Yahoo/google/msn, etc. serve you and other site visitors ads in their email system or on web browsers by watching what you buy, what you search for on the net. This is a privacy violation by any means.

Imagined being followed when you go to walmart or home depot by advertisers so that they can offer you to buy their laundry detergents or light bulbs? Would you be upset? Privacy violations on the web is no different than when it's done in real life.

I now only use on my isp web email system for serious transactions. No web based emails. I wonder if Ask.com will offer an web based email services that will actualy respects peoples privacy concerns?

Suzan

December 12, 2007 11:17 AM

I was excited to read your piece, "Erase Your Search Tracks," because my web developer husband maintains to his students at the Corcoran School of Art & Design in Washington, DC, that ISPs can track their every move on the web. He was less than impressed by AskEraser, saying:

"Actually this is hype. They still have to maintain a history for law enforcement purposes, plus the ISP still has the opportunity to record requested searches independent of what Ask.com does. Bottom line: Once you enter data anywhere and submit, it is recorded permanently somewhere."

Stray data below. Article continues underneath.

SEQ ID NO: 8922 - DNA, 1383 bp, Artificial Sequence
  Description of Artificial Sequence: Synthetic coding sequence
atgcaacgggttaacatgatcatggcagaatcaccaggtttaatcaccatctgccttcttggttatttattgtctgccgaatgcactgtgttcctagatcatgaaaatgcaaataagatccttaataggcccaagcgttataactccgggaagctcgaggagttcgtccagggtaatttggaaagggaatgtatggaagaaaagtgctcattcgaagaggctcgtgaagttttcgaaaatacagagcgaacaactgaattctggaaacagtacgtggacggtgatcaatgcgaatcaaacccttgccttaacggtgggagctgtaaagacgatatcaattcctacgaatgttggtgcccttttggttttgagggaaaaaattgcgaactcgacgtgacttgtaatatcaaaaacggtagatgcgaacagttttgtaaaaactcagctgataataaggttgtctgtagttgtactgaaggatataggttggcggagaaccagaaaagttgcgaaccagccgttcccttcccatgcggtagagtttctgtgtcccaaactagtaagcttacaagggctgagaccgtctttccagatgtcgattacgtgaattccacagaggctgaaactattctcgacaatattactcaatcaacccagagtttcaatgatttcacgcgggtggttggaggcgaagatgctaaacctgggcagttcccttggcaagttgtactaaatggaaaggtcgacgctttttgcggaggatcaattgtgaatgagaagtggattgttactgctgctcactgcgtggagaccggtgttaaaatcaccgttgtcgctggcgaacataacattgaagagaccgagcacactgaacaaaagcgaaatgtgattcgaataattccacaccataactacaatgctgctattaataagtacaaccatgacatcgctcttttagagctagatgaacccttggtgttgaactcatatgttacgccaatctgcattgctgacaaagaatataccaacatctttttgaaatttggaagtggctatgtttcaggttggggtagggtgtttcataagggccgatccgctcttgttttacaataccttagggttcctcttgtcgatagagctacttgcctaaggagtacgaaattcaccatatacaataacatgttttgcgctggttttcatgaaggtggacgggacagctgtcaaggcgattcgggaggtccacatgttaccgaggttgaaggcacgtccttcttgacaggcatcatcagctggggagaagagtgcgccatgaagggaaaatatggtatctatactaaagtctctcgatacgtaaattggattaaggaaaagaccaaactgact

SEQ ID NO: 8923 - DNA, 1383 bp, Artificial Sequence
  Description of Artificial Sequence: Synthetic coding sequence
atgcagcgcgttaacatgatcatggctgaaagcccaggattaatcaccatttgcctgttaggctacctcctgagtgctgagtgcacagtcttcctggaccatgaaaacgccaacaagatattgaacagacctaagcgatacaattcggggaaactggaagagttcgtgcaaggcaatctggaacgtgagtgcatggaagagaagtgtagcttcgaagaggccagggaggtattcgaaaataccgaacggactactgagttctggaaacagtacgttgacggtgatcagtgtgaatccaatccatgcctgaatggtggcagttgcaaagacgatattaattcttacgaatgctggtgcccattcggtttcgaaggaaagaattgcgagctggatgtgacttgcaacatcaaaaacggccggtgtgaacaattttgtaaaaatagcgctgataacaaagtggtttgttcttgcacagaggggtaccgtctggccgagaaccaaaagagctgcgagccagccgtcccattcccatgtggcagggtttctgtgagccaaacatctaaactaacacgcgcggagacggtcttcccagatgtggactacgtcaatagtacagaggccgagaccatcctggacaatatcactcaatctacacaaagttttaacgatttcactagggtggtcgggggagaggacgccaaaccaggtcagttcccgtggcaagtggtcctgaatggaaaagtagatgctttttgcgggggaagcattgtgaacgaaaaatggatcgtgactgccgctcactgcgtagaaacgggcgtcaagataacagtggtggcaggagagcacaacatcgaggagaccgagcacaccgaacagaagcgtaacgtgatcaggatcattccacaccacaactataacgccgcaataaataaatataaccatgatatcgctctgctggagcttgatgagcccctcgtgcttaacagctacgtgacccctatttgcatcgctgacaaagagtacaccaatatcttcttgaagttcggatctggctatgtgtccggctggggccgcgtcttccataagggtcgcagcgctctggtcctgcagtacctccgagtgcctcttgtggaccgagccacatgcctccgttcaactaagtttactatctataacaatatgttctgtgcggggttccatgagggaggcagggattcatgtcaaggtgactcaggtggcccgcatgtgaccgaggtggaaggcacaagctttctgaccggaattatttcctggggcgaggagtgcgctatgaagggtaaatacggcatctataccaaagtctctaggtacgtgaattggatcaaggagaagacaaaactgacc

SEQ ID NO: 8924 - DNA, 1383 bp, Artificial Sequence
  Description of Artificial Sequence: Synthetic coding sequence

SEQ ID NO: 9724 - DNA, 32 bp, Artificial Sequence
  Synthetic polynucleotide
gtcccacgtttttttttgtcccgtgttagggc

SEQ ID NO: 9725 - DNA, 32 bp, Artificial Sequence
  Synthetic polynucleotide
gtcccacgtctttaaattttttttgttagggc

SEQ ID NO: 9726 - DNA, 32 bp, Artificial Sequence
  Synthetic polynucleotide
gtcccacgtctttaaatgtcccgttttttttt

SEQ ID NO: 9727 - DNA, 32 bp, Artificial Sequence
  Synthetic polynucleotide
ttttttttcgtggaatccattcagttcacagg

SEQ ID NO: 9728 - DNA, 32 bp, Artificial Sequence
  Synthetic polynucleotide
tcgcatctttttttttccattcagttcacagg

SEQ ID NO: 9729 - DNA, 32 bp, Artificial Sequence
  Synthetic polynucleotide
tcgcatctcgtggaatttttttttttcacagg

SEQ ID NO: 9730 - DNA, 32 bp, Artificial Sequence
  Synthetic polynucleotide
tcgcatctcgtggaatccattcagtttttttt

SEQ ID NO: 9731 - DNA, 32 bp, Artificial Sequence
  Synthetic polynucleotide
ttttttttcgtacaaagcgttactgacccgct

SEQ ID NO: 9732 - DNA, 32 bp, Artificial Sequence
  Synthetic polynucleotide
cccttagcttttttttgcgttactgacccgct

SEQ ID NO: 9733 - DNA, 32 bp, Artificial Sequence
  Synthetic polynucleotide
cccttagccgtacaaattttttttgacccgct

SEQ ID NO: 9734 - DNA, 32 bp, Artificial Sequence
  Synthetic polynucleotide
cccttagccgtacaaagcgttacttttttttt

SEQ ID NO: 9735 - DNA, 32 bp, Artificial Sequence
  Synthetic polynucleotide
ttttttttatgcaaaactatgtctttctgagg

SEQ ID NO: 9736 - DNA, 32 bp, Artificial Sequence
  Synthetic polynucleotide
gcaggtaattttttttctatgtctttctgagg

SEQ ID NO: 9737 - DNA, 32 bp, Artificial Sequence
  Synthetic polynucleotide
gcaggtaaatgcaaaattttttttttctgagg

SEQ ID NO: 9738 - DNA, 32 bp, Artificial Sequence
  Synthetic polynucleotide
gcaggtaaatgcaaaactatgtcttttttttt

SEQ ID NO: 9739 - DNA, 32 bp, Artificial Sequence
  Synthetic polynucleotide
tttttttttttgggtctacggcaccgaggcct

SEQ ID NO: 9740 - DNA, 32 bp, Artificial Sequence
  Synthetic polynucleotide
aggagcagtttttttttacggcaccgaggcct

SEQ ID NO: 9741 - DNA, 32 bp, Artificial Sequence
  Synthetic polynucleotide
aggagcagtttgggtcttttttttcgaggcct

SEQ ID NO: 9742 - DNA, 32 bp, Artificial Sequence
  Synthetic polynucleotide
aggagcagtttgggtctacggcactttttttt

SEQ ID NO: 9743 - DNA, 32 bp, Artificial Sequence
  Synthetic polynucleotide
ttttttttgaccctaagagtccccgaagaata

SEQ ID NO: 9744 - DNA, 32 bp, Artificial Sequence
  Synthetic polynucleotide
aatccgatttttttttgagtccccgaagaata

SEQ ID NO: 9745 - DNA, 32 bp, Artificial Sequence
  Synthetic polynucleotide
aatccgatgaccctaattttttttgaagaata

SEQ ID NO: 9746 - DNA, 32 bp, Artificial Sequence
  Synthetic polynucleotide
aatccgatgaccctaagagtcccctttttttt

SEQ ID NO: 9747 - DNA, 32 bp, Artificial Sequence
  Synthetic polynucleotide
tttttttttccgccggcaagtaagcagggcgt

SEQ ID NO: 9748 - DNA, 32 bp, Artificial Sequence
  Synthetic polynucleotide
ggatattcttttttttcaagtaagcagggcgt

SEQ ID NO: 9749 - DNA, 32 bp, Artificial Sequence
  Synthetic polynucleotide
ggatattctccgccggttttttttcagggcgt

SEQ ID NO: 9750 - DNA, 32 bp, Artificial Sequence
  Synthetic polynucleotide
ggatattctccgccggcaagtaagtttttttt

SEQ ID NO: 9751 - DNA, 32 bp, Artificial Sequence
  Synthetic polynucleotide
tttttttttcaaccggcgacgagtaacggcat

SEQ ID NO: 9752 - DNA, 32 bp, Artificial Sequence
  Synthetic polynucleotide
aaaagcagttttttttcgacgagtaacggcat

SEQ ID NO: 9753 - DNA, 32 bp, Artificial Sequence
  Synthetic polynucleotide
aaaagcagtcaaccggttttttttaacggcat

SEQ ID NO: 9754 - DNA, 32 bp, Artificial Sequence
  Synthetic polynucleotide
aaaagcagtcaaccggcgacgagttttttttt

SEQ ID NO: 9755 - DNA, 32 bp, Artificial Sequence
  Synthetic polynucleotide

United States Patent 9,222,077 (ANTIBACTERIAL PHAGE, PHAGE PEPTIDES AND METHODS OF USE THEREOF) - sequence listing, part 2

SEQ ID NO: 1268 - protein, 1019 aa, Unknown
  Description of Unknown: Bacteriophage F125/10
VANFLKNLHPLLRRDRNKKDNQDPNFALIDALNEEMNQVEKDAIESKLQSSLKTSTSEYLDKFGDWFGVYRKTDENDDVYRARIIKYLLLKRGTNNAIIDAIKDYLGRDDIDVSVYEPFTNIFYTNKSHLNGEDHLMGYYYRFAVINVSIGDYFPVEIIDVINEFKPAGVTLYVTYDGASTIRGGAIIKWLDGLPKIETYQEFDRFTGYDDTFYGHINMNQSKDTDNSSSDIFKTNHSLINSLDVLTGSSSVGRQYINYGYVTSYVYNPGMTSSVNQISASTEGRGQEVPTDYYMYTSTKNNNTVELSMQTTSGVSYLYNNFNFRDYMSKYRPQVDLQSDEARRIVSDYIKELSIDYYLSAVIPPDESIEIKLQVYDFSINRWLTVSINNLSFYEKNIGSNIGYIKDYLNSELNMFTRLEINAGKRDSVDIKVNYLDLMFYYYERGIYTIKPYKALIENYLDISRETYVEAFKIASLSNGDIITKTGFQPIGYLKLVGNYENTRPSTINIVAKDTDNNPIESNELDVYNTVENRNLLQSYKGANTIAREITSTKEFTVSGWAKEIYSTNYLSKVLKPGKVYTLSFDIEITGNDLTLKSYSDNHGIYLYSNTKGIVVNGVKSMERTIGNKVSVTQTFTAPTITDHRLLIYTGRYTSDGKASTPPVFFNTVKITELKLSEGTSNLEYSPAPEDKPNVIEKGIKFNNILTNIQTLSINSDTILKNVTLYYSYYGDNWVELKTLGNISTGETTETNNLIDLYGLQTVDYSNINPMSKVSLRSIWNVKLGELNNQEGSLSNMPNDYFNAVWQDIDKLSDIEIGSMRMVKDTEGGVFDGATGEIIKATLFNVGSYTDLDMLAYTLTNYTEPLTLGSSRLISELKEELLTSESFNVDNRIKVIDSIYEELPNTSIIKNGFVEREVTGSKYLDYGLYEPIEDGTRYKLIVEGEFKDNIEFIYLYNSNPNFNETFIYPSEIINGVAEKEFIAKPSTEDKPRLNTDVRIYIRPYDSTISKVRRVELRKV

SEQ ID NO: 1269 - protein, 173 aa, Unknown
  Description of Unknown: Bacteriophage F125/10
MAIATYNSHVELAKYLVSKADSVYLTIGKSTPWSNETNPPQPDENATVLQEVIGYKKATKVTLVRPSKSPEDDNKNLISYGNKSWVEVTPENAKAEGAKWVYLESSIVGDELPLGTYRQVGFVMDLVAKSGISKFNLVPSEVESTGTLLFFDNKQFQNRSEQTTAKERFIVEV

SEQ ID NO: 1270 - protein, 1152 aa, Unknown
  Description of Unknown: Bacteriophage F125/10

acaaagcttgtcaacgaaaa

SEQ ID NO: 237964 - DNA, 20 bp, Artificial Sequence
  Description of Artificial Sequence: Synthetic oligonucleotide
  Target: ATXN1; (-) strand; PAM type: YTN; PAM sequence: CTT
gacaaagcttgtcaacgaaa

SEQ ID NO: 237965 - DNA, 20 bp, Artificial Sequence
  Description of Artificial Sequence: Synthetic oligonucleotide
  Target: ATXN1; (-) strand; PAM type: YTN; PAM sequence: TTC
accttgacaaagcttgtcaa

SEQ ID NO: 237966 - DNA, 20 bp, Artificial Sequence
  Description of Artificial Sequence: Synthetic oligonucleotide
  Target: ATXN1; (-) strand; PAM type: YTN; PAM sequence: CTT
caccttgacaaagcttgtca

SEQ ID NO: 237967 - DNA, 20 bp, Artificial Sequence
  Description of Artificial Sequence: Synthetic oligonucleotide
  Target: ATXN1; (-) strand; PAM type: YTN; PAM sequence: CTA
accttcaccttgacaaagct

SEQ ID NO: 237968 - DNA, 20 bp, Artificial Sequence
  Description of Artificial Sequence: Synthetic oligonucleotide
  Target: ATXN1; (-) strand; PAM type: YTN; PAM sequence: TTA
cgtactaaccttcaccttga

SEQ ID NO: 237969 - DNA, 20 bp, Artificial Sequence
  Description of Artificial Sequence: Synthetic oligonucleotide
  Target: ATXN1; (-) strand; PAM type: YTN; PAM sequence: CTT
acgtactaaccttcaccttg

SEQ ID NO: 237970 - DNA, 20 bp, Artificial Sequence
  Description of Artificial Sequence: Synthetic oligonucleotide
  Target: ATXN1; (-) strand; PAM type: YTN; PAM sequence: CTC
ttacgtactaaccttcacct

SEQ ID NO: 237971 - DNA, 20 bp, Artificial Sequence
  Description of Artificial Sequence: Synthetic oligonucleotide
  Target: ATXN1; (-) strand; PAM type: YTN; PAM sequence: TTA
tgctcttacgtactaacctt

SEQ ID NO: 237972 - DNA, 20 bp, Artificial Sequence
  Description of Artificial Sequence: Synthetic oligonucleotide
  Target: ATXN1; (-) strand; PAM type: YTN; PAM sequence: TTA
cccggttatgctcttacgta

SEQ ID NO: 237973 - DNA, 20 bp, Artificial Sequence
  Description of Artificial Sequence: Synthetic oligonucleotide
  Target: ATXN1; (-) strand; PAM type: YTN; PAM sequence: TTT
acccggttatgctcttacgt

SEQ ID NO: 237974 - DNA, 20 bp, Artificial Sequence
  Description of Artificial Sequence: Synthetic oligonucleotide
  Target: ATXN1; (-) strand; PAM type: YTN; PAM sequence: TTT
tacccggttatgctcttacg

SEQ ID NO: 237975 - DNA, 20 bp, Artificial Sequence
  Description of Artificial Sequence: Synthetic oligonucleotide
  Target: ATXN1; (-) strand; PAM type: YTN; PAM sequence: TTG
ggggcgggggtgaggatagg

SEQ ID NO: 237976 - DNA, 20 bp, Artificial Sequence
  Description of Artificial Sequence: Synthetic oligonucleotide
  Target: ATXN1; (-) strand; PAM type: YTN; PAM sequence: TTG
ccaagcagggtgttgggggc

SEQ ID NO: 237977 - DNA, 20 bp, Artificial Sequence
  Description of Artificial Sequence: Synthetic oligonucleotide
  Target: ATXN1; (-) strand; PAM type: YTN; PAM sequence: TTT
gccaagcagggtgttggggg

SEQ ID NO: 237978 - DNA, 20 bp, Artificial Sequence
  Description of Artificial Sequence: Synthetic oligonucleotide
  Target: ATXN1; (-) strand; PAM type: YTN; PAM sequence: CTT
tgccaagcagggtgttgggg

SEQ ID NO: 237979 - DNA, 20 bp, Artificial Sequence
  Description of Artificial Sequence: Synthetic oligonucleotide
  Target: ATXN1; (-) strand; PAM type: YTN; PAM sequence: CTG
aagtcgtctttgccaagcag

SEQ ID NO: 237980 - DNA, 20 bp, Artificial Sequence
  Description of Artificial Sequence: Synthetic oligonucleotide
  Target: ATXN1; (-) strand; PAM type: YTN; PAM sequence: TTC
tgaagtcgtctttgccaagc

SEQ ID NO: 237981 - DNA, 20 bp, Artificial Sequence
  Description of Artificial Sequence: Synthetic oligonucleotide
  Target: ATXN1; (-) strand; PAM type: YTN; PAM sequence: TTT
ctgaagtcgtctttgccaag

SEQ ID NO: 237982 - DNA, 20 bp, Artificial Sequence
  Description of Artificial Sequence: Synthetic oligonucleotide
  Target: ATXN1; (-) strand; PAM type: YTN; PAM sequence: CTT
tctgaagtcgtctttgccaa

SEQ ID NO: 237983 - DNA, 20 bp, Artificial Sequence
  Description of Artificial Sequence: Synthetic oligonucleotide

David Andersen

December 12, 2007 12:59 PM

Sure, an ISP can track searches, but WHY would they (outside of law enforcement requests which are rare) and WHO is posting them for all to see? This is paranoia! 99.9% of us are not important enough for anyone else to care about searches. Get over yourself.

Marie of Roumania

December 12, 2007 06:44 PM

Suzan - search engines track people's searches because that becomes a source of salable marketing information, as well as a source of research. there is no law enforcement requirement to do so -- although search engine companies or ISPs have to respond to subpoenas like everyone else for information that they actually do have.

Also, your husband overstates the case, just as David Anderson understates it. It's not that information is recorded permanently, but that it could be, and that it could be badly misinterpreted. Law enforcement folks --- and juries --- have treated logs of activities emanating from a computer as proof positive of wrongdoing, sometimes making unwarranted leaps of logic to do so.